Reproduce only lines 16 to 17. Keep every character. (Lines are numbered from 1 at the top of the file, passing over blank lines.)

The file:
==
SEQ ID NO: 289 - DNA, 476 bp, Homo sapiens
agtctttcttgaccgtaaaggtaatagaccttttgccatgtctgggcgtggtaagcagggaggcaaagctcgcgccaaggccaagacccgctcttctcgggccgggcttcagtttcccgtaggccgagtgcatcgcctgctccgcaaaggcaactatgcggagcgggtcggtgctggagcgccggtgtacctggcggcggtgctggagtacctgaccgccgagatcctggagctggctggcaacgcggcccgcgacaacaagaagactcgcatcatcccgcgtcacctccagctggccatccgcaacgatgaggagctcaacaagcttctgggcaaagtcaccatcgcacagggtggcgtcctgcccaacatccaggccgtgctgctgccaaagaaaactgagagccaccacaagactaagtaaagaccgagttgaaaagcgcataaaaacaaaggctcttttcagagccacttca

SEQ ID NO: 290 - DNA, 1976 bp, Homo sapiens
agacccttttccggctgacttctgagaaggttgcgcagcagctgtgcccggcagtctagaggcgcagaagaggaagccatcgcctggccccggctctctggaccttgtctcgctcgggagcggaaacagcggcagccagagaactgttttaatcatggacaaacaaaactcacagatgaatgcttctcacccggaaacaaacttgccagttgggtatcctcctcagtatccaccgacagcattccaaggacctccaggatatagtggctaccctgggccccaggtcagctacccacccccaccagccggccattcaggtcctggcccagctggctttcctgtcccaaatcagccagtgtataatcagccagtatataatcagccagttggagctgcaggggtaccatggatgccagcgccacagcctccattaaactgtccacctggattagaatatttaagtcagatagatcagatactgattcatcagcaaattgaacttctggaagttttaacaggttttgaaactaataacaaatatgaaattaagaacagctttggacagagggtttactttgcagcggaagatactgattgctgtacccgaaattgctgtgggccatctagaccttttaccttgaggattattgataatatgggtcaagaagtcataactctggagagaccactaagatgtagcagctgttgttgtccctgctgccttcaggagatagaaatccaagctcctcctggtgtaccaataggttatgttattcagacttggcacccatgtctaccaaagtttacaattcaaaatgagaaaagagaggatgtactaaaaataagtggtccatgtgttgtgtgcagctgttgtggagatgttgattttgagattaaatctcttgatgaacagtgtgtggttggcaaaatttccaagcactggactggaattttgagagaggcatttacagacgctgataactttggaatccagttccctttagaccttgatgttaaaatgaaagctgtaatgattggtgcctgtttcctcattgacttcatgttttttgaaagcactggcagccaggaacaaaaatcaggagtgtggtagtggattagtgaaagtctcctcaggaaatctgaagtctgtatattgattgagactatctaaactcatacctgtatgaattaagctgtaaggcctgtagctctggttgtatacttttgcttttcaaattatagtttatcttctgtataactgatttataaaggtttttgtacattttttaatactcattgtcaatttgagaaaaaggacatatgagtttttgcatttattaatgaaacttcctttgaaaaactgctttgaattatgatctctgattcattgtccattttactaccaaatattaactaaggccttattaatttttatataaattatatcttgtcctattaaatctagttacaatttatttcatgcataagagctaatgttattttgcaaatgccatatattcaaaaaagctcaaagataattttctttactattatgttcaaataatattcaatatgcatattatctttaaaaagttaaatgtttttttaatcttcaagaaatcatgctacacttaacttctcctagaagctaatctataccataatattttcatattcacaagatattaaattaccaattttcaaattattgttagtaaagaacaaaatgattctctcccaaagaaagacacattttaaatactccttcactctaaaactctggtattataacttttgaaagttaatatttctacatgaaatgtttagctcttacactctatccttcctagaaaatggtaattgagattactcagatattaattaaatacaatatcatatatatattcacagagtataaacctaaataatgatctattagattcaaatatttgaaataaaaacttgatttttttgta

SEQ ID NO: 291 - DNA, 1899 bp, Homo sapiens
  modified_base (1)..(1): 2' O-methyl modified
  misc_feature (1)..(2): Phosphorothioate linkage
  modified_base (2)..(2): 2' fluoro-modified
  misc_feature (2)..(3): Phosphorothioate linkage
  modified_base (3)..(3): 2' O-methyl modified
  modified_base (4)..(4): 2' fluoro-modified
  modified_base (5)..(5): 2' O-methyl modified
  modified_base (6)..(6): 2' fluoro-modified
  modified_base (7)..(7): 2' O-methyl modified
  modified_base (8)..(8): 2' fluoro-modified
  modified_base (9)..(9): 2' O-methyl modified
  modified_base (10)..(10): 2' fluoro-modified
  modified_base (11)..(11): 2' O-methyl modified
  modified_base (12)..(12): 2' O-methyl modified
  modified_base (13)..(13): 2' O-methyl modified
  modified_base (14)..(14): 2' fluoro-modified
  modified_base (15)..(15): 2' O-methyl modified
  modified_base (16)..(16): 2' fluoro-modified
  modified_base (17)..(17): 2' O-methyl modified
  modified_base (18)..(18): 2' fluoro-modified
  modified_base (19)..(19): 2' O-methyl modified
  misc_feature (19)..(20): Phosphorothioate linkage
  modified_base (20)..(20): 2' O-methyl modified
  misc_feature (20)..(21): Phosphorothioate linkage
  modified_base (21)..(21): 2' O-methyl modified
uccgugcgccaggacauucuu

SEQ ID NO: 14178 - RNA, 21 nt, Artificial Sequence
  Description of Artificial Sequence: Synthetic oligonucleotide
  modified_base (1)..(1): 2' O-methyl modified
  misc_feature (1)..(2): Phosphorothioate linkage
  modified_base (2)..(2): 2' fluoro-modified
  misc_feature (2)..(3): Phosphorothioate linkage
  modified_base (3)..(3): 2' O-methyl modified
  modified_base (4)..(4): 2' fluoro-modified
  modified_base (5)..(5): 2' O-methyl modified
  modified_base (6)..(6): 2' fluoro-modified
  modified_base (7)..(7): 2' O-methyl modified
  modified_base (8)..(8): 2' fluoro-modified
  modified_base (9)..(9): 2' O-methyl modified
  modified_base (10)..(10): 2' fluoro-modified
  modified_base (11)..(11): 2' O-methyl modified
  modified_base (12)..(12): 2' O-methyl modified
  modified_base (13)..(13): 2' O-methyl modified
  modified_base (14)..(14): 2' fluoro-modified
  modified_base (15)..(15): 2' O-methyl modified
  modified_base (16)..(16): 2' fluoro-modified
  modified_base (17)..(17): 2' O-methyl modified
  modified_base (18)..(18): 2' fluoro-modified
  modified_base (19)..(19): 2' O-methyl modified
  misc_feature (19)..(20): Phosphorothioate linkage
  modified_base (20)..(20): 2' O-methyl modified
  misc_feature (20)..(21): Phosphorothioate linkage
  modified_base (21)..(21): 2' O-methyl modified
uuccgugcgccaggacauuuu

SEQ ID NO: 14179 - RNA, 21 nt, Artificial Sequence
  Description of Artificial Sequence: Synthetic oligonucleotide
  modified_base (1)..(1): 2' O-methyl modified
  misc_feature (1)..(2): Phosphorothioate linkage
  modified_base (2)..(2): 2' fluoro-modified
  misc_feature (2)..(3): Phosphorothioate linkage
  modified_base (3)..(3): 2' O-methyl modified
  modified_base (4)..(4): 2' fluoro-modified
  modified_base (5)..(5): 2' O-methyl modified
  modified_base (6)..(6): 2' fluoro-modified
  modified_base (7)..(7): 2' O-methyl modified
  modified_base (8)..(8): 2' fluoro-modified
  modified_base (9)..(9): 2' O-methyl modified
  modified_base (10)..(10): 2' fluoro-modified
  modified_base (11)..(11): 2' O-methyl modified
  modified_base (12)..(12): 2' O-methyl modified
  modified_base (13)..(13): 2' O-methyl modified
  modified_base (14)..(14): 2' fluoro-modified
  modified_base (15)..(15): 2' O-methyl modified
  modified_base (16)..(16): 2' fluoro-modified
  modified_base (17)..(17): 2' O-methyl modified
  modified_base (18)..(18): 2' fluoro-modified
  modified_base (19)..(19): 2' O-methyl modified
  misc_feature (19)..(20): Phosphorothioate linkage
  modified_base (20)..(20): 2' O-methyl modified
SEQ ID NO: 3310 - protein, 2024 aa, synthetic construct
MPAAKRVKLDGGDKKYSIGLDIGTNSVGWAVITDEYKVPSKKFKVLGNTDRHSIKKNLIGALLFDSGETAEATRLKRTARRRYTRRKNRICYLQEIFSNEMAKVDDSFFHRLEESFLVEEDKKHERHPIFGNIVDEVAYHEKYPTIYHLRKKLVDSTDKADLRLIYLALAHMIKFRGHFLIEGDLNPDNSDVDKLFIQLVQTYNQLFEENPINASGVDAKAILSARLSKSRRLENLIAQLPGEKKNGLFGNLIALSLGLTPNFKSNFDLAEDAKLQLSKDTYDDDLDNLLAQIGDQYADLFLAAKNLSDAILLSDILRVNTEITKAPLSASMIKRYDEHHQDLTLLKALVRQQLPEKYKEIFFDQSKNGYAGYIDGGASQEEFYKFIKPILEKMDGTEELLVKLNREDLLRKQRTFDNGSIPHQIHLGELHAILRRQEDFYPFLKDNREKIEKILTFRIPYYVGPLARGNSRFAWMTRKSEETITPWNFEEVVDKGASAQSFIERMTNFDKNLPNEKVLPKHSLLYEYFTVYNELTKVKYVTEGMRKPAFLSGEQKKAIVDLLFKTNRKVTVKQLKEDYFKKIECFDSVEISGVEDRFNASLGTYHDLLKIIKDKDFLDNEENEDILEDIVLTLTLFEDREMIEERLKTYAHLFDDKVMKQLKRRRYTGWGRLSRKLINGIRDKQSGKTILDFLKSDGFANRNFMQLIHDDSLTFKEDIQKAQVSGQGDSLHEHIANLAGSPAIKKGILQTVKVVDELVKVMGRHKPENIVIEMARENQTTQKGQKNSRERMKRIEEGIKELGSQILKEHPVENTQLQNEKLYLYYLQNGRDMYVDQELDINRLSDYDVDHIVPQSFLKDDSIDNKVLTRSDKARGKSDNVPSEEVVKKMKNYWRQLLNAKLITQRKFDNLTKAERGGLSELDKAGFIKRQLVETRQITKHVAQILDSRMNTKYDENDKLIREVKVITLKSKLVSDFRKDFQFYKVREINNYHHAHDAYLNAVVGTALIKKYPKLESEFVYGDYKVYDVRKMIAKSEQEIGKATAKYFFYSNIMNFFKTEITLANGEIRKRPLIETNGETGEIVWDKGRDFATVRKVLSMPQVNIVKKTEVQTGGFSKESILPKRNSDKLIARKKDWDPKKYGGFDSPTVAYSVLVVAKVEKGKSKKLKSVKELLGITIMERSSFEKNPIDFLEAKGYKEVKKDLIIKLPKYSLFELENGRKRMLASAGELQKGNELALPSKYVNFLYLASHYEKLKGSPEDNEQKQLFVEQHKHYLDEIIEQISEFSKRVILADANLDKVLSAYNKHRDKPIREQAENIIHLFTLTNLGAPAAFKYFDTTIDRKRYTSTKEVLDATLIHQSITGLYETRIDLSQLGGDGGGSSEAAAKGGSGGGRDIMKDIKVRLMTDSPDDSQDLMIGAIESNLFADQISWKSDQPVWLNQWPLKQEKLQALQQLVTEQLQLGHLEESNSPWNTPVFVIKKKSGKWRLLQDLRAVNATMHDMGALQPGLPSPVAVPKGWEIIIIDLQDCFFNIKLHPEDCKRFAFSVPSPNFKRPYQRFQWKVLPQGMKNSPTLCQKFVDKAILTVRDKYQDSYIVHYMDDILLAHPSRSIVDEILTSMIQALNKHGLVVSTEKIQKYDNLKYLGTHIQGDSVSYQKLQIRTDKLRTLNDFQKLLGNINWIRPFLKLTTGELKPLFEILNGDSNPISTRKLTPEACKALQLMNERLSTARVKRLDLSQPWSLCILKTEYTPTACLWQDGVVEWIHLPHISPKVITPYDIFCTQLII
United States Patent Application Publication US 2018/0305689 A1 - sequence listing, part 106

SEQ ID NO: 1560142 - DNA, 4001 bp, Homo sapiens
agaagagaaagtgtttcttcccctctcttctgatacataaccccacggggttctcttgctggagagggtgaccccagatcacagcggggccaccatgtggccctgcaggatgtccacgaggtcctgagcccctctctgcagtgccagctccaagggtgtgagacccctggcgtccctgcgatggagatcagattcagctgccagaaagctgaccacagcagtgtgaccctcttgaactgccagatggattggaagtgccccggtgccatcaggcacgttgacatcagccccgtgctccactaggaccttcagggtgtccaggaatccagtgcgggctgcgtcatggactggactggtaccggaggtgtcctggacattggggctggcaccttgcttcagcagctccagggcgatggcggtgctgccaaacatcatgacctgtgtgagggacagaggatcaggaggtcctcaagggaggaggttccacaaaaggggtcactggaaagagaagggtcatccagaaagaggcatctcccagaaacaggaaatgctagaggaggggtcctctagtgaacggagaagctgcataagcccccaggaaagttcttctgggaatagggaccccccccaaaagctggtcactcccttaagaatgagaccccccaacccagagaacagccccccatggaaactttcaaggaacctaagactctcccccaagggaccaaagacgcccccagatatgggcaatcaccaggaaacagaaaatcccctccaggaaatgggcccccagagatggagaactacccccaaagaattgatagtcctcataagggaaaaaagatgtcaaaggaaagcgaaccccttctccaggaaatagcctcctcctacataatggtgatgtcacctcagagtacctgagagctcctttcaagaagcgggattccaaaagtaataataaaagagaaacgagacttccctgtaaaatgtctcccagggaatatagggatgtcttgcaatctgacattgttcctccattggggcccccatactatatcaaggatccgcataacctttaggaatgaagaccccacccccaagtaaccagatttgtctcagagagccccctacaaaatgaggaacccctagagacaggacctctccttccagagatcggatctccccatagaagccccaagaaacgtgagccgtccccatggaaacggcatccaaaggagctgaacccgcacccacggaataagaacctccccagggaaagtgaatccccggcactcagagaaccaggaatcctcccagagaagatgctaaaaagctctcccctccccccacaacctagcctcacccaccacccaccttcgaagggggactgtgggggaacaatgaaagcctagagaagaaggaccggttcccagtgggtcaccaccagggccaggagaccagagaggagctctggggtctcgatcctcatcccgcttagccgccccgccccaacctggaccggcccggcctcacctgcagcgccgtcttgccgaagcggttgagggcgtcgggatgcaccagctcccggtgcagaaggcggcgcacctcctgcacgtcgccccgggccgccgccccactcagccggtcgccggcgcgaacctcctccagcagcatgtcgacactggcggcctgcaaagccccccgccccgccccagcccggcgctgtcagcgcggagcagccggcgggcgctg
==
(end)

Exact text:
  modified_base (9)..(9): 2' O-methyl modified
  modified_base (10)..(10): 2' fluoro-modified